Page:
HSBC settles French tax 'fraud' for €300m over 'control weaknesses'

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HSBC has paid €300m (£268m, US$354m) to settle a criminal investigation by French tax authorities into allegations that the bank’s Swiss subsidiary colluded with clients to help them evade tax, the bank has disclosed.

It is believed to be the second largest corporate fine in the country and has come about as the result of a change of the law in France that allows money to be paid to settle criminal cases.

The alleged misconduct is said to have taken place in 2006 and 2007, and the bank characterised the inquiry as a “legacy investigation”.

While the bank accepted that their had been “control weaknesses” in the past as the Swiss private bank that is its subsidiary, it had improved its anti-money laundering and tax compliance procedures, it said in a statement.

French tax authorities said that HSBC had helped its clients conceal assets that they held in the Swiss subsidiary from them, the bank confirmed.

The mutually agree settlement is made up of a penalty of €158m (£141m, US$186m), with damages and interest of about €142m (£127m, US$167m), a judge at a court hearing in Paris said.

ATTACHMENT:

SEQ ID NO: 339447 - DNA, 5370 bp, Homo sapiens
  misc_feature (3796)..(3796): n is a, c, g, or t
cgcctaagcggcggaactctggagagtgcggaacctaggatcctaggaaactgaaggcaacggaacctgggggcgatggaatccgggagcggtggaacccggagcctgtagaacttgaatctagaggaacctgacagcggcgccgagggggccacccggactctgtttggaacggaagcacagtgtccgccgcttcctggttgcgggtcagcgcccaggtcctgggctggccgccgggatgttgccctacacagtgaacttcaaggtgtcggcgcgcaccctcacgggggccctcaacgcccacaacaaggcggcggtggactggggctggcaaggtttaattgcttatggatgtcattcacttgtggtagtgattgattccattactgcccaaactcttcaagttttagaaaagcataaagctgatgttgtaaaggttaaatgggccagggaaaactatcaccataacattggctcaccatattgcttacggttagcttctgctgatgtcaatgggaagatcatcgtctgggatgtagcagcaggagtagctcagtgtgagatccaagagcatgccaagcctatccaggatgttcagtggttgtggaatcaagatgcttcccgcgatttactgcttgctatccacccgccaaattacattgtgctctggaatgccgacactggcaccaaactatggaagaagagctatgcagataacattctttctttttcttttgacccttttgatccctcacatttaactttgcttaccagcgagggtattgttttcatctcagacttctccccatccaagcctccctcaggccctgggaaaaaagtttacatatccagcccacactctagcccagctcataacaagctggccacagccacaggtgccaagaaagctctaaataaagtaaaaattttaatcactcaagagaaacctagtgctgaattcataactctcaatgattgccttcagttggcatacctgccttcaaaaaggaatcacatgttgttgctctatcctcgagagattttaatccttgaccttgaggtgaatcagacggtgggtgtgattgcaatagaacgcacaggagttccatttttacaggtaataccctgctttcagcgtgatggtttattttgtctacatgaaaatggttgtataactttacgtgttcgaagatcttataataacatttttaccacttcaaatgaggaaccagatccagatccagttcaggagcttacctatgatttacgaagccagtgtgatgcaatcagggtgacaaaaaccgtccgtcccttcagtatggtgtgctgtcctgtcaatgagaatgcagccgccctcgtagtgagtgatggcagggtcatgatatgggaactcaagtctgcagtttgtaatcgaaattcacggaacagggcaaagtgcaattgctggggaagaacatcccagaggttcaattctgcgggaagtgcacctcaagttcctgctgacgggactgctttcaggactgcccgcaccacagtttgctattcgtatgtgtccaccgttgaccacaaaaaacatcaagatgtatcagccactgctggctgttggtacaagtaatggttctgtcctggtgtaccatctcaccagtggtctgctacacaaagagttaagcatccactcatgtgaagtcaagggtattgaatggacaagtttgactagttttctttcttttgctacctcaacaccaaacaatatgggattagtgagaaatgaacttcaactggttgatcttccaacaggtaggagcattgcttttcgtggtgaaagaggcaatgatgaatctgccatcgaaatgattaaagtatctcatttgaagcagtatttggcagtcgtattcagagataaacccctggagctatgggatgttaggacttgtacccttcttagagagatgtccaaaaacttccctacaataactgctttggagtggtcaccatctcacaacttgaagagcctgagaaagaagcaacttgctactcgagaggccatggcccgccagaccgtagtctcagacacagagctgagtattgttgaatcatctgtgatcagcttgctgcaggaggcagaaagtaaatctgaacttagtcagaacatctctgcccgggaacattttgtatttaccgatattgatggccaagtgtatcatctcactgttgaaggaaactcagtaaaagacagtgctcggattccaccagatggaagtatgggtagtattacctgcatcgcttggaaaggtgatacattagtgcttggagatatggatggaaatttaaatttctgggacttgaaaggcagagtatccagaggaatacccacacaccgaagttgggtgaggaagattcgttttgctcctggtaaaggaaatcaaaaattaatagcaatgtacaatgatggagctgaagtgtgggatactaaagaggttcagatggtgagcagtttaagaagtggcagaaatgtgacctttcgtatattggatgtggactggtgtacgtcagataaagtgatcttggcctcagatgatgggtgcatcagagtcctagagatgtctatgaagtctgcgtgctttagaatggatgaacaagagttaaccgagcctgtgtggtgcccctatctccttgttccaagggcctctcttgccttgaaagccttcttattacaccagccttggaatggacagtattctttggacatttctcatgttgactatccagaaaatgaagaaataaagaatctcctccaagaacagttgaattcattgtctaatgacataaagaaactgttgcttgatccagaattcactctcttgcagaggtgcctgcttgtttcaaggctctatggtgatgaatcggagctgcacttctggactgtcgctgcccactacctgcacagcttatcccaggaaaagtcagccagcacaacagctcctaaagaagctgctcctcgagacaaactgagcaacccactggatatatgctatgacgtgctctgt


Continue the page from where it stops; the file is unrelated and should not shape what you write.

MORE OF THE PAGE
The investigation into the Swiss private bank began when former information technology worker at the firm Hervé Falciani, pictured above, passed confidential client account details that he had stolen from the Geneva office in 2008 to the French government.
In 2015, Falciani was convicted in his absence by a Swiss court for what is believed to be “the biggest leak in banking history”.
He was living in France, where he had sought refuge from Swiss justice, and did not attend the trial.
Also in 2015, a French court ordered HSBC to post a €1bn surety against any eventual penalty, but the court later reduced it to €100m.
The Swiss subsidiary had been put under formal investigation in France the previous year, and was ordered to post bail of €50.

“HSBC is pleased to resolve this legacy investigation which relates to conduct that took place many years ago,” the bank said.

“HSBC has publicly acknowledged historical control weaknesses at the Swiss Private Bank on a number of occasions and has taken firm steps to address them.”